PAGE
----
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Chefchaouen: the blue city of Morocco

Awake_vyse 3 de August del 2016 tourism
Hidden beneath the Rif Mountains, this small town in the north of Morocco is one of the main touristic spots in the country; no wonder why, given its beautiful natural surroundings, the rich culture, and the astonishing structures you can find there. Yet, it’s not the mountains what most people’s attention is drawn to see, but the incredibly striking bright-blue buildings in the medina, the “old-town” sector.

Chefchaouen the blue city of Morocco

This medina is a delight for the eyes, a fusion of the Moorish and Spanish architecture, and it consist of tons of old buildings, all washed-white and bright-blue, and narrow lanes, converging on the heart of the medina, Plaza Uta el-Hamman.

Chefchaouen was founded in the 15th century, in a small Berber town, as a fortress for the exiles from Spain; its name comes from the Berber word “shawen”, which means “horns”, and the town is called this way because it is said that the mountaintops resemble a goat’s horns, or “chaoua”, as they are known in Morocco. The literal meaning of Chefchaouen is “look at the horns”.

Chefchaouen’s most outstanding characteristic, its blue buildings, are this color to mirror the cloudless Moroccan sky – but this it’s due to religious rather than stylistic reasons. According to Jewish teachings, by dyeing threat with tekhelel (an ancient natual dye) and weaving prayer shawls with it, would remind people of the power of God, and the tradition lives on in the regularly repainted buildings. It is also believed that the color blue repels mosquitoes.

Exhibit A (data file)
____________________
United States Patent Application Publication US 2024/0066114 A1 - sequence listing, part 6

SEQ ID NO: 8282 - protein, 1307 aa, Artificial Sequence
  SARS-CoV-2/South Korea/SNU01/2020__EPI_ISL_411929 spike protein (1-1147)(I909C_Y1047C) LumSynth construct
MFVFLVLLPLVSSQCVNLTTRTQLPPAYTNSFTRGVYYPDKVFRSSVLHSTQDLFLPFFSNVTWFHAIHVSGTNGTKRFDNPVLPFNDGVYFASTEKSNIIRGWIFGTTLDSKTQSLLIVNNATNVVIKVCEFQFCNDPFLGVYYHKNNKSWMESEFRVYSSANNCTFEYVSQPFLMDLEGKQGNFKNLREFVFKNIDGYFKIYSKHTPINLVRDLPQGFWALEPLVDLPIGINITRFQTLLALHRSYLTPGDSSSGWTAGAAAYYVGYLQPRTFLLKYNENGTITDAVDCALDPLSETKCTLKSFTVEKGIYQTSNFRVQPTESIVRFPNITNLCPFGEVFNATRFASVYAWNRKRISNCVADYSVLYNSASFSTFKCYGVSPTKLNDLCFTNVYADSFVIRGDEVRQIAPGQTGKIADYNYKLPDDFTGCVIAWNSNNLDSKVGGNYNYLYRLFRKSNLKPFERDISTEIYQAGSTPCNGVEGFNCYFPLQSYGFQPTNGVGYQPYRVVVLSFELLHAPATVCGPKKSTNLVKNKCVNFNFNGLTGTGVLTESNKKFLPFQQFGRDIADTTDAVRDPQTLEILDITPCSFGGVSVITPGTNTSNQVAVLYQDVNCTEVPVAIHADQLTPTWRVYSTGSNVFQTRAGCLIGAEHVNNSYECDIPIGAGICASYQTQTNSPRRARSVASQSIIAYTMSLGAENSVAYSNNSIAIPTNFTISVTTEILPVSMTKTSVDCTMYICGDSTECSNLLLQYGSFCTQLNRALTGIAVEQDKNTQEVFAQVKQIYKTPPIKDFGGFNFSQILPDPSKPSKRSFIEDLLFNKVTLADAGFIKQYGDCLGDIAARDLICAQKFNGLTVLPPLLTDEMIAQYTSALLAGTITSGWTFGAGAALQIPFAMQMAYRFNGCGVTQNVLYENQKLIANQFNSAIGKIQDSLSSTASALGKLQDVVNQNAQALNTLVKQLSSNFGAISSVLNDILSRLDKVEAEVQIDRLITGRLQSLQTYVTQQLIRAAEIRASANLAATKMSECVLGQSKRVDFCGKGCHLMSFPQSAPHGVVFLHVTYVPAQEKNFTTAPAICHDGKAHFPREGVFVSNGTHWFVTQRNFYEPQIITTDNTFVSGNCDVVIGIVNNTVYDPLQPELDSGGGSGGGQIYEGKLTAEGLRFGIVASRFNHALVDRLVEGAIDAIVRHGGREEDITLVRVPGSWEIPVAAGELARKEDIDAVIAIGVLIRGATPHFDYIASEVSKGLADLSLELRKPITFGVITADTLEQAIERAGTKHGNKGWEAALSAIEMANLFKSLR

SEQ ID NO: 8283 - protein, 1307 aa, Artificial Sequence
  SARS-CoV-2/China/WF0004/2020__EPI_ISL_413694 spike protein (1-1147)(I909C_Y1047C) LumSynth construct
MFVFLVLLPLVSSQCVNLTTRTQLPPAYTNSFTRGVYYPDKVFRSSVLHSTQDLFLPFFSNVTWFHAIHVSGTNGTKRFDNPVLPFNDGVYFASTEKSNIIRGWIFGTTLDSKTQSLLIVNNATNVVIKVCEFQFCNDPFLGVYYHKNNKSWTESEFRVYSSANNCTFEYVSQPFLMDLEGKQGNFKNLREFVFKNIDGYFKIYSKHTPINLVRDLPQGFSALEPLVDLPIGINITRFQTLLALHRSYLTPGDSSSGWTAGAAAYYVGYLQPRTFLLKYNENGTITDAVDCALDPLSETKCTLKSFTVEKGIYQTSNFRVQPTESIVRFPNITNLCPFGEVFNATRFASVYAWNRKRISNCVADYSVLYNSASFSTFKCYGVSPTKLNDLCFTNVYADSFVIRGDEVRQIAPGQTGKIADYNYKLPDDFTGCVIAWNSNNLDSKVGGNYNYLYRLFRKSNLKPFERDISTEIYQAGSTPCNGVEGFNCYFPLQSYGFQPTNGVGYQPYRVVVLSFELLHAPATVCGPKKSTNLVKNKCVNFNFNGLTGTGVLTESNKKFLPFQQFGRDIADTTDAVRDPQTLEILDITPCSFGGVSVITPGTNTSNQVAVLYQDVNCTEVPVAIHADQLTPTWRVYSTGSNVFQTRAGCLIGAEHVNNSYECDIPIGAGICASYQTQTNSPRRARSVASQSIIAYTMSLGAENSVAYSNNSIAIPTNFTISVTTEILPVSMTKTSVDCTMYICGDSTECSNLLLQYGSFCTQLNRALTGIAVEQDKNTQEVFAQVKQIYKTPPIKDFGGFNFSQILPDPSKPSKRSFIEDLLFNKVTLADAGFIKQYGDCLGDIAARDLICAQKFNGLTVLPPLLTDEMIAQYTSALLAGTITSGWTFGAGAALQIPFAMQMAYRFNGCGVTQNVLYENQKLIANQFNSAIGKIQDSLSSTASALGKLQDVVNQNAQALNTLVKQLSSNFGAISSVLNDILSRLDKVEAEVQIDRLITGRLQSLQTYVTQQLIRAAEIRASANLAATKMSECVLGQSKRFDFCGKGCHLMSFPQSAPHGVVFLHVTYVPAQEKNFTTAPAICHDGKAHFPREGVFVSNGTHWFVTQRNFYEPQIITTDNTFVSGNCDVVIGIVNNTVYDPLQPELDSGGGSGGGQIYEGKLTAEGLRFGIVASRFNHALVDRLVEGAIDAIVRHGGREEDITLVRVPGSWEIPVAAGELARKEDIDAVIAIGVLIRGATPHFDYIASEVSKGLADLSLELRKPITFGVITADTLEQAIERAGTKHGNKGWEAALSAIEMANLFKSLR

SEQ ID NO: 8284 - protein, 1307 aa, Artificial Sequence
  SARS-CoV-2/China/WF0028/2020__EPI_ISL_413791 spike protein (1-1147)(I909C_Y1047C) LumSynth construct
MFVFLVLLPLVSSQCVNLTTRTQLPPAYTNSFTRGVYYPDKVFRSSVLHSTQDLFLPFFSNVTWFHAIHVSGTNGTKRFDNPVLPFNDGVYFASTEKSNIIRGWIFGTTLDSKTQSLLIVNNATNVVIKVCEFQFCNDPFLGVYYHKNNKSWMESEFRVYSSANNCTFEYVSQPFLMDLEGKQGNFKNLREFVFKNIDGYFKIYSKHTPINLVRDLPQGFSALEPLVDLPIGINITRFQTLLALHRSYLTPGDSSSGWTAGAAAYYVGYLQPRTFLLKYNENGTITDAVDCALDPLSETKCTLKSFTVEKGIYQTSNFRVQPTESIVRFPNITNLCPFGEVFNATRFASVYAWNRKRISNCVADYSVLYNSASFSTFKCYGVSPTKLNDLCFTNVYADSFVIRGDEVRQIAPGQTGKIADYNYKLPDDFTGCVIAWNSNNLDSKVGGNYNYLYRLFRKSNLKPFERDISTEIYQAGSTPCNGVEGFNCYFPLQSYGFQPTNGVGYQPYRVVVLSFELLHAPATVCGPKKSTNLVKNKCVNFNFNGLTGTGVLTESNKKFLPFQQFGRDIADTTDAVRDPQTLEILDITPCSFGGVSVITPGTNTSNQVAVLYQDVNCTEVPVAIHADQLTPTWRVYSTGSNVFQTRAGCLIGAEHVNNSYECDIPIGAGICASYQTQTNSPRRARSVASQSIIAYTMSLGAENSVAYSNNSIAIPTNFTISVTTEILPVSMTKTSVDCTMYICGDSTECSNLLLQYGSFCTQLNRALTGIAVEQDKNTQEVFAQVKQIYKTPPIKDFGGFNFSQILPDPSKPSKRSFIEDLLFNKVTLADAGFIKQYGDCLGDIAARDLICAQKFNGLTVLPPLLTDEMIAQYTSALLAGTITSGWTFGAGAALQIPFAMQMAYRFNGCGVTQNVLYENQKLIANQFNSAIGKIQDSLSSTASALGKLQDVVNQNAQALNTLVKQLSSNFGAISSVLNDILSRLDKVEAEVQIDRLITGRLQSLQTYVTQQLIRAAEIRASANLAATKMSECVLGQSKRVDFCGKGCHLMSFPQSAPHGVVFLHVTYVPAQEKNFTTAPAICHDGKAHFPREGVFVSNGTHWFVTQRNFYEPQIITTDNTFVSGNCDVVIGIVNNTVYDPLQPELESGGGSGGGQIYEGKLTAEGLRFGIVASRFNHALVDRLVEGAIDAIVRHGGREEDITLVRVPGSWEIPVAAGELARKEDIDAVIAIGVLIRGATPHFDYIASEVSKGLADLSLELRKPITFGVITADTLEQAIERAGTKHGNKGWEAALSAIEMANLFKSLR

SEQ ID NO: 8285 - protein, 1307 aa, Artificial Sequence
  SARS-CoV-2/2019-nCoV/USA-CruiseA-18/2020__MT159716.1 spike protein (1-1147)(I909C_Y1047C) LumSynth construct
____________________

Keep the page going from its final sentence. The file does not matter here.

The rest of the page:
Besides from the medina, the town has so much more to offer. It is the perfect destination for backpackers, but the town guarantees different range of accommodations, from small hostels to luxury hotels, so it fits every visitor’s need and desires, which makes this place very welcoming and enjoyable to tourists.


For fitness fans and adventurers, the surroundings presents from peaks to gorges, where arid landscapes meet mountains streams; multi-day treks and day trips are available, offering unforgettable tours through wonderful sceneries. Whatever season it is, visitors are assured incredible views. Even though summer is a popular time of the years for trekkers, Chefchaouen during winter may be more appealing to hikers, since the town is prone to dustings of snow. Nevertheless, it is great for families who look for new experiences and photographers.

Now, for gastronomy lovers, this could be quite the experience. Chefchaouen offers the most exotic food your taste buds could ever try: dishes exemplary of a culture that’s very different from the Occidental culture. All your senses will be bombarded with the variety of textures and smells, and if you like the thrill of trying something new, the typical tagine is the definitive must-try. Restaurants with open plan kitchens are one of the main attractions, since they allow a sneak peek in to the preparation of the dishes, something that’s always interesting.  After a meal, as it is custom, visitors should at least once try the refreshing mint tea that’s so important in the Moroccan tradition.

It could be said that this small town offers lots to do and to speak of, and it is perfect if you’re looking for a quiet yet fascinating vacation spot. This is a great place to relax, and to come back from with tons of stories to tell


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